Though Western Europe's telecommunications market was opened to competition just two years ago, falling prices, intensifying competition, and rapid technological change have already altered the market and forced fixed-network operators to reassess their original business strategies. Companies are scrambling to reduce their exposure in core markets through mergers and acquisitions, according to Analysys Publications' (Cambridge, UK) "New Network Operators in Western Europe."
Incumbents and new entrants alike are struggling to determine which market will yield the greatest sustainable value in the wake of the declining core telephony market. "Attempting to predict the future shape of telecoms is like trying to forecast a new order following a revolution," explains Simon Sherrington, who co-authored the report with David Martin. The result of this uncertainty is rapid consolidation to attain the scale and breadth that will enable startups to compete with monopoly operators before profit margins in the fixed-voice market drop too low.
This consolidation is driven by several key factors. Retail prices are falling rapidly, particularly in long-distance and international markets, and distance is no longer commanding a premium. These declining prices have forced many companies to alter their long-range plans.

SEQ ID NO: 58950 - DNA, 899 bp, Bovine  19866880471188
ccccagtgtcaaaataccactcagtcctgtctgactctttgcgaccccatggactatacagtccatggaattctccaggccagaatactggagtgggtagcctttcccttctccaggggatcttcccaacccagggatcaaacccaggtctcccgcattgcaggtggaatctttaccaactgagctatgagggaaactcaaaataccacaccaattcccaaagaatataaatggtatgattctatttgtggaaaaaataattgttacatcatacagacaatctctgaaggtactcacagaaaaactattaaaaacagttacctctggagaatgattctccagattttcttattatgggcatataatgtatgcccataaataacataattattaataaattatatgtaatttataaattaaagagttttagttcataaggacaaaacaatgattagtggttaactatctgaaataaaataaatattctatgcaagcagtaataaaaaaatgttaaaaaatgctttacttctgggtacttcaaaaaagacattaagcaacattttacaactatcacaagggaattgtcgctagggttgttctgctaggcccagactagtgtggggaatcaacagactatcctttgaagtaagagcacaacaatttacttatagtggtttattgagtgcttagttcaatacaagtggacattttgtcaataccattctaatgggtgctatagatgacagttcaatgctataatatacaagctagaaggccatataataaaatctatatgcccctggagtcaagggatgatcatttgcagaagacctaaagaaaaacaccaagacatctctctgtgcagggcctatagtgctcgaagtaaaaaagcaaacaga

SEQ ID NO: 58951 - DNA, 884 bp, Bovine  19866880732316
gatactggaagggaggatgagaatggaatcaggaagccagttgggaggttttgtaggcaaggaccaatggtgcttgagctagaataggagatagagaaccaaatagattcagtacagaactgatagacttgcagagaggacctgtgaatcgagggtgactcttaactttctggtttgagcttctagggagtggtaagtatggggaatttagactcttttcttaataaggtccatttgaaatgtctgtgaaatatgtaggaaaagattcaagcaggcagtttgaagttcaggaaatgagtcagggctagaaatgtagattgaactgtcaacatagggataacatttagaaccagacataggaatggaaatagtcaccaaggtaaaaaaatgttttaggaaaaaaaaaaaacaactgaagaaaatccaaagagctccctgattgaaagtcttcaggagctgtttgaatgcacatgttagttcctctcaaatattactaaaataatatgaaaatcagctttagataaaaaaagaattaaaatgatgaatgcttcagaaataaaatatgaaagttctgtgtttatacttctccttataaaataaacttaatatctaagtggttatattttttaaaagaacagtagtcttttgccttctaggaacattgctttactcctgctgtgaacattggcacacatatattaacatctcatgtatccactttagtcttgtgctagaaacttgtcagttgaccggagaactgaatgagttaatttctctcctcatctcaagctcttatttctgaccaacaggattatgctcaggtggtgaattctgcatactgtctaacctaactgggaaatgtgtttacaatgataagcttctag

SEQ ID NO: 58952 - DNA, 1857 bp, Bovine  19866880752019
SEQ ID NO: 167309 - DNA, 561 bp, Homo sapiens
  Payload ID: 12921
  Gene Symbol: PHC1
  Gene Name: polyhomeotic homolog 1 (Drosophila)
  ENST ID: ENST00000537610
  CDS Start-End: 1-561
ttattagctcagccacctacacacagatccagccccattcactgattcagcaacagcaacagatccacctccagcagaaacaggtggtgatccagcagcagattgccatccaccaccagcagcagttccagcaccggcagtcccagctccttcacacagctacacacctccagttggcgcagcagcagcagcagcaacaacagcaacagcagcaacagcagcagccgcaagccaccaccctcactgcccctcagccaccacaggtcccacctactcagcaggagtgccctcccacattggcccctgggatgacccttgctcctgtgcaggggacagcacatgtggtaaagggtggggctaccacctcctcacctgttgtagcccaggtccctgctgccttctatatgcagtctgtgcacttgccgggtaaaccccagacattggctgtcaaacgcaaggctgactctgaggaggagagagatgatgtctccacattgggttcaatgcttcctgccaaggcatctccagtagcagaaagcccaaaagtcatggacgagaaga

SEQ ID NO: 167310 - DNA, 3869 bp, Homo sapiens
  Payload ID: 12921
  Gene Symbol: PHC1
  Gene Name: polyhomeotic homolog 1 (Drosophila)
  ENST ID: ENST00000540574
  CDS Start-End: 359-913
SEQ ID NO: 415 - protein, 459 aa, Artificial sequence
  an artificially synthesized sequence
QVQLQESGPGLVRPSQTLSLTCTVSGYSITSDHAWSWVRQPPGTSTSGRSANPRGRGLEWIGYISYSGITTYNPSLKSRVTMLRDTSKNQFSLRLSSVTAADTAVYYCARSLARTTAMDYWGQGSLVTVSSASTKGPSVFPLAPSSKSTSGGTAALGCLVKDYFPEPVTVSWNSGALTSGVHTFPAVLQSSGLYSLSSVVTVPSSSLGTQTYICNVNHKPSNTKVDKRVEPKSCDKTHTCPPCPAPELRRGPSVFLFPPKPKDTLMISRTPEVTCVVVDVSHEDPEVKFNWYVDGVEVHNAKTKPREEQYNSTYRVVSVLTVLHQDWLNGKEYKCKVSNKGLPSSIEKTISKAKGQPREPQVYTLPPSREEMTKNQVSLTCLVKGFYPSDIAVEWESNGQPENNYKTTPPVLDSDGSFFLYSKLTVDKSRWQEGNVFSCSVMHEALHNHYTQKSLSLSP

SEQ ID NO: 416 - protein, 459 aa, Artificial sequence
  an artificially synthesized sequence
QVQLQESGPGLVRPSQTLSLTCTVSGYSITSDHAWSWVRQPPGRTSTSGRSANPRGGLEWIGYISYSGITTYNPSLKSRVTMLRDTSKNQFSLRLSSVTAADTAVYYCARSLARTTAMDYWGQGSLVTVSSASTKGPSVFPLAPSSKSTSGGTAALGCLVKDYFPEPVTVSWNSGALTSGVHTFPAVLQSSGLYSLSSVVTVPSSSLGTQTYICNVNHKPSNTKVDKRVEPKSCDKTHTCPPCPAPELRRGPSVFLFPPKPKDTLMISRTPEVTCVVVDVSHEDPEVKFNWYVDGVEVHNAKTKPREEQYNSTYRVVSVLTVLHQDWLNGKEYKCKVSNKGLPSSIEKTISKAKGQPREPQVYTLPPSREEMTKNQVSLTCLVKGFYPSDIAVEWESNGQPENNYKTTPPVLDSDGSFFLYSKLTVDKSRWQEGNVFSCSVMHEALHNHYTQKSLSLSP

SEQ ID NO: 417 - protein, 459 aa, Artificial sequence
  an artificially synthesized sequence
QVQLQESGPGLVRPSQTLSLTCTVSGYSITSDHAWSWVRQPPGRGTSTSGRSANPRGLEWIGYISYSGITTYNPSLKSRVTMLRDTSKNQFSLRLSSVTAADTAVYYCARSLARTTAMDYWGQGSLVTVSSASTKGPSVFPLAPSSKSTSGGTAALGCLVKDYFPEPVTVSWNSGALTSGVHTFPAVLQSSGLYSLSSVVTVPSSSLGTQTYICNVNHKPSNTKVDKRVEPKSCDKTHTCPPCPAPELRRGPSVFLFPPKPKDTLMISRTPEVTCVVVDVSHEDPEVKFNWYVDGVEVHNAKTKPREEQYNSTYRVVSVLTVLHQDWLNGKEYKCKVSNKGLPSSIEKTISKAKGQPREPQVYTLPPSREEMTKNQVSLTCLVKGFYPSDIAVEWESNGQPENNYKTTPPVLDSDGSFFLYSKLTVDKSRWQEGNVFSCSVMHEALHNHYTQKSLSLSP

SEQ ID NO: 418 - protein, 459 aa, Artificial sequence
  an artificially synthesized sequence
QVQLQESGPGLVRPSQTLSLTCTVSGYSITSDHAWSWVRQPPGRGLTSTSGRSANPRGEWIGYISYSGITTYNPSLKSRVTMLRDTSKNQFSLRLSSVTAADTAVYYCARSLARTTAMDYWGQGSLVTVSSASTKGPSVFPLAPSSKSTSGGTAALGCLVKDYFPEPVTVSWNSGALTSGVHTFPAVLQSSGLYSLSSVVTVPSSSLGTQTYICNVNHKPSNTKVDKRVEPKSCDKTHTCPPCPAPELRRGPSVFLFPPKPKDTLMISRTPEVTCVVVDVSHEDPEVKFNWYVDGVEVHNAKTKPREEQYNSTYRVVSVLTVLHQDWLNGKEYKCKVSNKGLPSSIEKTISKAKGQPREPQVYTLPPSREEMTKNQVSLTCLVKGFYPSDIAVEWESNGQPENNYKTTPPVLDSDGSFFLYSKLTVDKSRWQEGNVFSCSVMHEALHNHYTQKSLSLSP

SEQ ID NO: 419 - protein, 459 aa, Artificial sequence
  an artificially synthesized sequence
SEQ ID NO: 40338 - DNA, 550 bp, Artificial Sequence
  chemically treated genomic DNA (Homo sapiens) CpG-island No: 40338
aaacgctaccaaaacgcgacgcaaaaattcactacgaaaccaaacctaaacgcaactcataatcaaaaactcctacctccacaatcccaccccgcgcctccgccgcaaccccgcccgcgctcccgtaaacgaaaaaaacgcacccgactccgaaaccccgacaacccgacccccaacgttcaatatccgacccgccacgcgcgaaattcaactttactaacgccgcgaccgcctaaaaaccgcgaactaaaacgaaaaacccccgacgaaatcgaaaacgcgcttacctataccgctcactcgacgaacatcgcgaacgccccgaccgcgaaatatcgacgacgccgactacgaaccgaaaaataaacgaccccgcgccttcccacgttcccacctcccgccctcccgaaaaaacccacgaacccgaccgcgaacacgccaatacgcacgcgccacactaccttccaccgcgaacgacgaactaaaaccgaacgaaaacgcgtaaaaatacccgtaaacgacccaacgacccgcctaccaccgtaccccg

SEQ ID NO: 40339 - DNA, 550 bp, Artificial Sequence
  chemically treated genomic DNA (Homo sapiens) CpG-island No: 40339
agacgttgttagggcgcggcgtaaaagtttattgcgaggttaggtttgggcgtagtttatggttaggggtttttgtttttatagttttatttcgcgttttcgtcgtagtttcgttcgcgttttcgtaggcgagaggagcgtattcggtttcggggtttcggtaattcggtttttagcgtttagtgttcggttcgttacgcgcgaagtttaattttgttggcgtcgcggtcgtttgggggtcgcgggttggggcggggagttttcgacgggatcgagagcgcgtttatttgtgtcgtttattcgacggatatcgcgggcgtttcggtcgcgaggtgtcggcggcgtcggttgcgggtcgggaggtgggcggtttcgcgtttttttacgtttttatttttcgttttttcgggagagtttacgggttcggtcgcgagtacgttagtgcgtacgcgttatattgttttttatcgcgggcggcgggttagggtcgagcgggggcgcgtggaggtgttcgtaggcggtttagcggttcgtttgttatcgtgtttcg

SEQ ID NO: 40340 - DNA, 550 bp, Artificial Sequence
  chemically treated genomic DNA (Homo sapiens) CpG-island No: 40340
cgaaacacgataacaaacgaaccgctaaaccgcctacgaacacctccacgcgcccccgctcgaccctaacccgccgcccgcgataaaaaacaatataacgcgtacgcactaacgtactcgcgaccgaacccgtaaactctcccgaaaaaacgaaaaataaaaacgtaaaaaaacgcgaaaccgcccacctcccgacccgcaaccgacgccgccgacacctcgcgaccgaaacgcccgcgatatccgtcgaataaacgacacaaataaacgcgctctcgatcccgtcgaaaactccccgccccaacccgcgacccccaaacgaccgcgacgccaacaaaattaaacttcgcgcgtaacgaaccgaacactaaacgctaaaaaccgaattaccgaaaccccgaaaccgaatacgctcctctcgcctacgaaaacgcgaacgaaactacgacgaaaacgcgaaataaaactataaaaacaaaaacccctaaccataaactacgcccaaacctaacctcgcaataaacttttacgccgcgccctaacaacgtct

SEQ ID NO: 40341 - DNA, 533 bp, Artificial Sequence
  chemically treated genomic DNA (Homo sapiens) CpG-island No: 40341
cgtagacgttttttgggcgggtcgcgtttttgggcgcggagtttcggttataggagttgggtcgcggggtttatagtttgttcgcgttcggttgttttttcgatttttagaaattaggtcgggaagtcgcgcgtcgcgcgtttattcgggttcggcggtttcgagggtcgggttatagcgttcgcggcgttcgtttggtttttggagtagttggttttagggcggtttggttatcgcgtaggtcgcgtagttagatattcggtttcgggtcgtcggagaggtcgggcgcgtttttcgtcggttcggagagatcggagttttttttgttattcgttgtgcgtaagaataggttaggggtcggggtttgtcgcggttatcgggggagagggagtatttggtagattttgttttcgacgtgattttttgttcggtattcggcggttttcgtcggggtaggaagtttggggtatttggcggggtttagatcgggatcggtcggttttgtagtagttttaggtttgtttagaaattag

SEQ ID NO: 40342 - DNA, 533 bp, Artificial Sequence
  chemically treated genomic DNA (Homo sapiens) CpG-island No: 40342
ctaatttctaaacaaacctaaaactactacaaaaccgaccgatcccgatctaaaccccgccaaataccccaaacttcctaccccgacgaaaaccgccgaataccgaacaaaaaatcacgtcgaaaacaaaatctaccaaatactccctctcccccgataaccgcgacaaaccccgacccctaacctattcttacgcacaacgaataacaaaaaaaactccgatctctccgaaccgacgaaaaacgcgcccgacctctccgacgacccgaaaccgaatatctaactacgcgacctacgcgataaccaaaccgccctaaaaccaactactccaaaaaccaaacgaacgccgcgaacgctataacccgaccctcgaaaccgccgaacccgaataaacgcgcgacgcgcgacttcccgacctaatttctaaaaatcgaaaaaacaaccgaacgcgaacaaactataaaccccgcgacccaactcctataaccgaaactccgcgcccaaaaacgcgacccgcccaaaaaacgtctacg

The increased availability of network capacity is also a driving force behind the recent flurry of mergers and acquisitions. As capacity increases, the cost of bandwidth falls-which allows resellers to drive prices even lower.
The commercial availability of broadband local-loop services via asynchronous digital subscriber line (ADSL), cable modems, and broadband wireless will enable operators to deliver high-value Internet and value-added services in addition to simple telephony.
Finally, local-loop bundling, recently introduced to many Western European markets, offers the possibility of significant local-service competition, if the cost of access is right. These factors combine to make consolidation the most attractive choice for fixed-network operators.
The report analyzes the key telecommunications companies in each of 16 countries. Also included are profiles of the service portfolios, commercial structure, and geographical scope of the 50 most influential new network operators. For more information, call 44 (0) 1223 341300, or visit www.analysys.com.